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April 3, 1992

EDDIE GAVIN, N-72916, Plaintiff,
KENNETH McGINNIS, as Director of the Illinois Department of Corrections, and JAMES SCHOMIG, as Assistant Warden of Stateville Correctional Center, Defendants.

The opinion of the court was delivered by: CHARLES R. NORGLE


 Before the court is defendant Kenneth McGinnis' motion to dismiss, pursuant to Federal Rule of Civil Procedure 12(b)(6). For the following reasons, the court denies the motion.


 Eddie Gavin ("plaintiff") is an inmate at the Stateville Correctional Center ("Stateville") in Joliet, Illinois. He brings this action pro se under 42 U.S.C. § 1983 for violation of his civil rights against James Schomig, the Assistant Warden at Stateville, and Kenneth McGinnis, the former director of the Illinois Department of Corrections. Plaintiff alleges that defendants improperly denied his family access to him on various occasions over a six-month period, thereby depriving him of his visitation rights. Seeking monetary damages, plaintiff filed his complaint on May 7, 1991, and the defendant subsequently filed this motion to dismiss.


 This court must construe a pro se plaintiff's complaint liberally, Wilson v. Giesen, 956 F.2d 738, 1992 WL 25052, at *1, 1992 U.S. App. LEXIS 1958 (7th Cir. 1992), and mere vagueness or lack of detail alone does not constitute sufficient grounds to dismiss a complaint. Strauss v. City of Chicago, 760 F.2d 765, 767 (7th Cir. 1985). On a motion to dismiss, all well-pleaded factual allegations, as well as all reasonable inferences to be drawn from them, are assumed true. Johnson v. Martin, 943 F.2d 15, 16 (7th Cir. 1991); Meriwether v. Faulkner, 821 F.2d 408, 410 (7th Cir.), cert. denied, 484 U.S. 935, 98 L. Ed. 2d 269, 108 S. Ct. 311 (1987). The complaint need not specify the correct legal theory nor point to the right statute, Bartholet v. Reishauer A.G., 953 F.2d 1073, 1078 (7th Cir. 1992). "All the complaint need do to withstand a motion to dismiss for failure to state a claim is 'outline or adumbrate' a violation of the statute or constitutional provision upon which plaintiff relies, Sutliff, Inc. v. Donovan Cos., 727 F.2d 648, 654 (7th Cir. 1984), and connect the violation to the named defendants, Patton v. Przybylski, 822 F.2d 697, 701 (7th Cir. 1987)." Brownlee v. Conine, 957 F.2d 353, 1992 WL 31373, at *1, 1992 U.S. App. LEXIS 2389 (7th Cir. 1992). Nonetheless, a party fails to state a claim upon which relief may be granted if that party can prove no set of facts upon which legal relief may be granted. Ross v. Creighton Univ., 957 F.2d 410, 1992 WL 37340, at *3, 1992 U.S. App. LEXIS 3038 (7th Cir. 1992).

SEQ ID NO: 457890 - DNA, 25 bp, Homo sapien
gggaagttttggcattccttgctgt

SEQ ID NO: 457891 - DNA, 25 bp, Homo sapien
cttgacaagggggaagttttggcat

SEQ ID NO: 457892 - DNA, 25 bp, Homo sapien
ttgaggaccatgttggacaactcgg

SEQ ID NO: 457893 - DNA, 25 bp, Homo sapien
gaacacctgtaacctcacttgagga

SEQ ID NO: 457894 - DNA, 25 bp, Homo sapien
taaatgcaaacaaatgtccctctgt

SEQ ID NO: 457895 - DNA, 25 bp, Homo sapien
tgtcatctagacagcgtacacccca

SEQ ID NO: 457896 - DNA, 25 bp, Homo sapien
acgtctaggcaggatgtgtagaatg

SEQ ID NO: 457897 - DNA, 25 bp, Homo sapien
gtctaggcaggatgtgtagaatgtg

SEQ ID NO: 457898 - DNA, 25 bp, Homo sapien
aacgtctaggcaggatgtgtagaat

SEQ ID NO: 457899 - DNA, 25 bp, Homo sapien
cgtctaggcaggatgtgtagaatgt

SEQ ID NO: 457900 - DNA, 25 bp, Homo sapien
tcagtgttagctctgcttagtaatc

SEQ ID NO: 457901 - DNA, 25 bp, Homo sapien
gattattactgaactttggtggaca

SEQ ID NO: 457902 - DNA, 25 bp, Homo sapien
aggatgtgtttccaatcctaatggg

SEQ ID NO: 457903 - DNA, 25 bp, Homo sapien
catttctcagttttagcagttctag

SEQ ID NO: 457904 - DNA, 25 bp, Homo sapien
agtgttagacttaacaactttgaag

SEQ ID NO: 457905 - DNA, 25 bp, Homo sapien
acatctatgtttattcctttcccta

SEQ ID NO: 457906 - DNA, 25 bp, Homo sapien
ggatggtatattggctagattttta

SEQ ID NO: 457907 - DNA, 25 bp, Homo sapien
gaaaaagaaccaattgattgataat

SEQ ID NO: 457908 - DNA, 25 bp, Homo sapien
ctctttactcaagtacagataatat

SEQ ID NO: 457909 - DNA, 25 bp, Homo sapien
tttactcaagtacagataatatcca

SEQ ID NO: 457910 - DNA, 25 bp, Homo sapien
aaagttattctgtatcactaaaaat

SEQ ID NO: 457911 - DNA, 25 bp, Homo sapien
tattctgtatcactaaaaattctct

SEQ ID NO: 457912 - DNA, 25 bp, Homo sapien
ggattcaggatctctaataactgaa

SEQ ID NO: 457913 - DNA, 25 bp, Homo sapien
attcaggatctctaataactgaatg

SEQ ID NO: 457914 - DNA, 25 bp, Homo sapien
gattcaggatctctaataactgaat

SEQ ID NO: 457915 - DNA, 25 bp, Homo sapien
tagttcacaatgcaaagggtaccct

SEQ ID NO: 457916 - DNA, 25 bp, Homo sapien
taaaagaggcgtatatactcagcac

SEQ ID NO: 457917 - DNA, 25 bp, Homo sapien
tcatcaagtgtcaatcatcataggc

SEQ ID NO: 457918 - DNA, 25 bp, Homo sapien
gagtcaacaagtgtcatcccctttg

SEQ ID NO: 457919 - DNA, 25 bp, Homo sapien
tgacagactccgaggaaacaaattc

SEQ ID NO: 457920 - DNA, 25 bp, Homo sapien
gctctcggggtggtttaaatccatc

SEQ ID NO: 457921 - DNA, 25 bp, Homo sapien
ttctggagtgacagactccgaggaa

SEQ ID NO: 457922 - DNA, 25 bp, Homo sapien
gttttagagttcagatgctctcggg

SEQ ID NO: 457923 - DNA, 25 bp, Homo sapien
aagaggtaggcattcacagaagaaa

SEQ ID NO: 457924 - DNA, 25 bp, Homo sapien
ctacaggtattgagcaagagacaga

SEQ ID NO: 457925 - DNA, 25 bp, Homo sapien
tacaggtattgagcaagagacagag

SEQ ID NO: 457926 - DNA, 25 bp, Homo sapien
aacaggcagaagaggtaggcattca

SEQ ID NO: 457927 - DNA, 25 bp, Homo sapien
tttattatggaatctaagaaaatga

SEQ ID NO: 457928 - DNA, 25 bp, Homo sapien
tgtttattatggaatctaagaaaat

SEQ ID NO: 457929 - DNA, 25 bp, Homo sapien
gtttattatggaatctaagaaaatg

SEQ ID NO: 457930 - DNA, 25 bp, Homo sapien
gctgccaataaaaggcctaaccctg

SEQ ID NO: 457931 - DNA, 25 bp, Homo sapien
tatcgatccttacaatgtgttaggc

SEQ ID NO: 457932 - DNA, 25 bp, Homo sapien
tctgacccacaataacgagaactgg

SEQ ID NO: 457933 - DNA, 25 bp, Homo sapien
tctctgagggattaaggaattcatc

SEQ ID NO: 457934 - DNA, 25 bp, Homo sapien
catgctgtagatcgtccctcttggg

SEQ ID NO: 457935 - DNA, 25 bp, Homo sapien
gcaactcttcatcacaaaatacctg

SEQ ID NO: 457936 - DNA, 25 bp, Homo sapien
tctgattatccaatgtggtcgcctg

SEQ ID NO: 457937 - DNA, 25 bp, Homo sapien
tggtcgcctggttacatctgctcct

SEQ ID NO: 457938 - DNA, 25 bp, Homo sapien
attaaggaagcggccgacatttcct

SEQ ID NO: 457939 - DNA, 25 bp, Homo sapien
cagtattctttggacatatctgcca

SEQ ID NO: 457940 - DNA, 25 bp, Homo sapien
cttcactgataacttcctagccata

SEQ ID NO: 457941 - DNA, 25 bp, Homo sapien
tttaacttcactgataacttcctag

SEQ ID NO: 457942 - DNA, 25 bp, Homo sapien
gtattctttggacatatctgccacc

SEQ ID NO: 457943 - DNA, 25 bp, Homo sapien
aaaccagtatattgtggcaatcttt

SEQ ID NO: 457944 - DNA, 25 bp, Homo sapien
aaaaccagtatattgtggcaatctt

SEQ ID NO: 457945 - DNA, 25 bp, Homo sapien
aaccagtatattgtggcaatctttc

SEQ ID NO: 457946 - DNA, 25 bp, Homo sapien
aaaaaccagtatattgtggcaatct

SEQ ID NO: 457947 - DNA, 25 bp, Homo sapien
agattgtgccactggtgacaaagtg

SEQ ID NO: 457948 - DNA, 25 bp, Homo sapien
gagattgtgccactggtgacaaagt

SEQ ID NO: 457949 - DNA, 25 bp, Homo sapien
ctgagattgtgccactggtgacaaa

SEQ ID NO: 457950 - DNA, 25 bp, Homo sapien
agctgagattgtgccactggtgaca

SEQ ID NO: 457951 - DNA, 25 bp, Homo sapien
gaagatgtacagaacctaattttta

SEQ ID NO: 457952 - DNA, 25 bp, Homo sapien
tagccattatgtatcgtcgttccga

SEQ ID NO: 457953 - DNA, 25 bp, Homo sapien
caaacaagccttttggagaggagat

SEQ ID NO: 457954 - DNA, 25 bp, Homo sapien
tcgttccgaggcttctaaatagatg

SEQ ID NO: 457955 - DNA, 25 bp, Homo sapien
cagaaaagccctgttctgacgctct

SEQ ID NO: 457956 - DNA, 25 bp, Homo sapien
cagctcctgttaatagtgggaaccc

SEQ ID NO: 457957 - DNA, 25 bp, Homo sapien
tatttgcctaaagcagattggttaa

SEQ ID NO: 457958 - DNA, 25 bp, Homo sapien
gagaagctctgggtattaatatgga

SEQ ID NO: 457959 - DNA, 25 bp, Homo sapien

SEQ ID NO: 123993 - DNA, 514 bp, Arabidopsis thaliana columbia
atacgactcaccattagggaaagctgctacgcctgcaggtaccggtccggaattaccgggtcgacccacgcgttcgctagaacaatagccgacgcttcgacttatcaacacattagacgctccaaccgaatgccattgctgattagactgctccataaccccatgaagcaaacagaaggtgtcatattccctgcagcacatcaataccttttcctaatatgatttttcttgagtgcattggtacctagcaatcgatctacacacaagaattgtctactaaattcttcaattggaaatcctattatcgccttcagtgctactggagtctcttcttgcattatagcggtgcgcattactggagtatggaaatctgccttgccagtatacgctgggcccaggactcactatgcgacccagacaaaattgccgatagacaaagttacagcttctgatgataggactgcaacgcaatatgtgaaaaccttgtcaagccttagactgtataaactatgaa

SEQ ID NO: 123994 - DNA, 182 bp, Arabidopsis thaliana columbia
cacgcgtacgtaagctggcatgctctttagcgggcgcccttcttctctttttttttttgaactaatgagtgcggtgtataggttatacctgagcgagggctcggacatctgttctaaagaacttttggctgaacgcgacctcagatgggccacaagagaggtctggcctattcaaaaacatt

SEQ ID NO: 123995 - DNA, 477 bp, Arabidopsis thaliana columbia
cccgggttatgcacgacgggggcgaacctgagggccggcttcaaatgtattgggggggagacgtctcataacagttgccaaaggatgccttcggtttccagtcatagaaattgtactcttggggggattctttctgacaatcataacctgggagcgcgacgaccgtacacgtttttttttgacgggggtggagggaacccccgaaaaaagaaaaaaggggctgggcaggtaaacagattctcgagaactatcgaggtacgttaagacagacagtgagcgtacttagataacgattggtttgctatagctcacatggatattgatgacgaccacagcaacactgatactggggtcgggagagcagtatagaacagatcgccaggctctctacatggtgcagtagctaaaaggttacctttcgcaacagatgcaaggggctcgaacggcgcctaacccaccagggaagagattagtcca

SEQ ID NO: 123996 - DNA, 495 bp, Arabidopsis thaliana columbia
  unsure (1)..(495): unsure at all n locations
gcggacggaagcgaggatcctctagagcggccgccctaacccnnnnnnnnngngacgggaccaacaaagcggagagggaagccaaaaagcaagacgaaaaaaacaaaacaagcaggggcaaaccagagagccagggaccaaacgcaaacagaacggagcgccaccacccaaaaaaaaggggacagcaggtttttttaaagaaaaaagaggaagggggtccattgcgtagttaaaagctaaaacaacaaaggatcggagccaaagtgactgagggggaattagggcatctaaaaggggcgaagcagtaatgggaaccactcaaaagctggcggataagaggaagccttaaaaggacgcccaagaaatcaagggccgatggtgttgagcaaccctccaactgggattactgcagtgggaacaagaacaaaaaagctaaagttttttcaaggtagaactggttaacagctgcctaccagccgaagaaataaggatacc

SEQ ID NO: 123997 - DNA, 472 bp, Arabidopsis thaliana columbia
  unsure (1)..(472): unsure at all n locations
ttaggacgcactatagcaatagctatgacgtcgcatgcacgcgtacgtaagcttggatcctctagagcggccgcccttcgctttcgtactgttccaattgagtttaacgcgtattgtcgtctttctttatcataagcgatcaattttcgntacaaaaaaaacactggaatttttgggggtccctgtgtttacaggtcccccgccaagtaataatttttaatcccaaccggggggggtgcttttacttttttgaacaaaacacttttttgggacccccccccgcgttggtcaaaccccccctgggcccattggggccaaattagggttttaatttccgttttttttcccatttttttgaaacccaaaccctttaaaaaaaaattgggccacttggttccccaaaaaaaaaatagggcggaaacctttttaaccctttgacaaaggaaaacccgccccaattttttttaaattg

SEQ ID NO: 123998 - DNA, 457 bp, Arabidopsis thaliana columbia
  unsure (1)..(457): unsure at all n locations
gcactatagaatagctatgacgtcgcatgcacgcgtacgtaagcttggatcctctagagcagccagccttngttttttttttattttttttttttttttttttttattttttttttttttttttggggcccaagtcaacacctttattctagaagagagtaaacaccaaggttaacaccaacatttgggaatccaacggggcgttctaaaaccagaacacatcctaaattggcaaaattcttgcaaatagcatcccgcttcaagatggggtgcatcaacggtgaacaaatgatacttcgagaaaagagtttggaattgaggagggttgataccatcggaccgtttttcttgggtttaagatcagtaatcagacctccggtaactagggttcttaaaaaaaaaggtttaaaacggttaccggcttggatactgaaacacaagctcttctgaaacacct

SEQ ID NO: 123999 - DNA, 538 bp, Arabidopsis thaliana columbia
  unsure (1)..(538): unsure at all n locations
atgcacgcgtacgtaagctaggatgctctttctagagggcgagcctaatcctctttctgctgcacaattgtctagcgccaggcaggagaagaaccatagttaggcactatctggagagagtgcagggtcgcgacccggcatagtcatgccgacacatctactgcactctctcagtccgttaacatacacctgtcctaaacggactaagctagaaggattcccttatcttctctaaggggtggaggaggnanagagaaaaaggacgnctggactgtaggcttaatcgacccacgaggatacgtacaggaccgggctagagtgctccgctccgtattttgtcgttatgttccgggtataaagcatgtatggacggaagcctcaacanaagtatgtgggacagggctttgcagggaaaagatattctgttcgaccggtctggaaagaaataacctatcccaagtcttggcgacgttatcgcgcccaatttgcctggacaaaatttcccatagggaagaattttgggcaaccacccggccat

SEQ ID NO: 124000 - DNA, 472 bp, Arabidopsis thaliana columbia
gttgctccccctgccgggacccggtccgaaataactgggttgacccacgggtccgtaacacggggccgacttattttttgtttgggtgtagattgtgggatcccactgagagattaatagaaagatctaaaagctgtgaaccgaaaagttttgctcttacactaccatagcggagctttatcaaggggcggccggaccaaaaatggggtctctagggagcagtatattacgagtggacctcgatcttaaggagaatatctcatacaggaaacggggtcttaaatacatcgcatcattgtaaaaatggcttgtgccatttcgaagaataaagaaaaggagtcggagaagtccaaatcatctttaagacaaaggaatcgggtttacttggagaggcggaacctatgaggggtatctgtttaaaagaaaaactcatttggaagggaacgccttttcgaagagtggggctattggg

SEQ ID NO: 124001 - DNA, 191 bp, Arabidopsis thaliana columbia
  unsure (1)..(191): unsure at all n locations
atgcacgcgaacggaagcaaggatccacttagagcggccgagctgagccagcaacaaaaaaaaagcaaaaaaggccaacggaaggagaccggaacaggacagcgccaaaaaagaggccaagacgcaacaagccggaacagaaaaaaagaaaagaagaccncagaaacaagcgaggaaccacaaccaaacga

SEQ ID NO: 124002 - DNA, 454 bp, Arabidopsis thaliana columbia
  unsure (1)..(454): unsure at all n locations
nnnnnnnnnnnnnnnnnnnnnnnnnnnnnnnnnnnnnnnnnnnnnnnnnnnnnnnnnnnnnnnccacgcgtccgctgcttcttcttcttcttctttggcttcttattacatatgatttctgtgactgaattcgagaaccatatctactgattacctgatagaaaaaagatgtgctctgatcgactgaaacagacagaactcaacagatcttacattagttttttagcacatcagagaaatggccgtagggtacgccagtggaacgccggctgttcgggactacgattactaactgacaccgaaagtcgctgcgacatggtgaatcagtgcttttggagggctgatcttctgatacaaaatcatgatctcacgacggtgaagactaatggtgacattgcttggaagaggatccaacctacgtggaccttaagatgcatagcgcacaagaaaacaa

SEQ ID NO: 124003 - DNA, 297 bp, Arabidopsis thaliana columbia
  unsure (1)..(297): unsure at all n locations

Based on the facts alleged here, under section 1983 plaintiff must establish that the defendants, under color of state law, personally deprived plaintiff of a federal constitutional liberty or property interest without due process of law. See Cunningham v. Southlake Ctr. for Mental Health, Inc., 924 F.2d 106, 107 (7th Cir. 1991). While prisoners do not possess a substantive liberty interest in visitation arising under the Constitution, Kentucky Dep't of Corrections v. Thompson, 490 U.S. 454, 461, 104 L. Ed. 2d 506, 109 S. Ct. 1904 (1989), section 3-7-2(f) of Illinois' Unified Code of Corrections (Ill. Rev. Stat. ch. 38, P1003-7-2(f)) at least arguably supplies a prisoner a sufficient liberty interest to state a claim under section 1983. Accord Jenkins v. Lane, No. 86 C 0059, 1989 WL 84474, 1989 U.S. Dist. LEXIS 8534 (N.D. Ill. July 20, 1989) (unpublished opinion); United States ex rel. Adams v. O'Leary, 659 F. Supp. 736 (N.D. Ill. 1987). This section creates an interest in visitation because it mandates that every prison "shall permit every committed person to receive visitors." Ill. Rev. Stat. ch. 38, P1003-7-2(f); accord Lane, 1989 WL 84474, at *5-6, 1989 U.S. Dist. LEXIS 8534, at *5-6. However, it is by no means clear that prisoners have a protectable liberty interest in visitation. Maust v. Headley, 959 F.2d 644 (7th Cir. 1992).

 Plaintiff has alleged that the defendants erroneously refused to admit his family to the prison for visitation purposes and revoked their visitation privileges for a six-month period, thus preventing him from receiving visitors. These allegations are sufficient to survive a motion to dismiss for failure to state a cause of action under 42 U.S.C. § 1983. However, the court expressly declines to decide, at this early stage in the litigation, whether a prisoner has a statutorily-created protectable liberty interest in visitation.


 For the above-stated reasons, the court denies defendant's motion to dismiss.




 United States District Court

 DATED: 4/3/92


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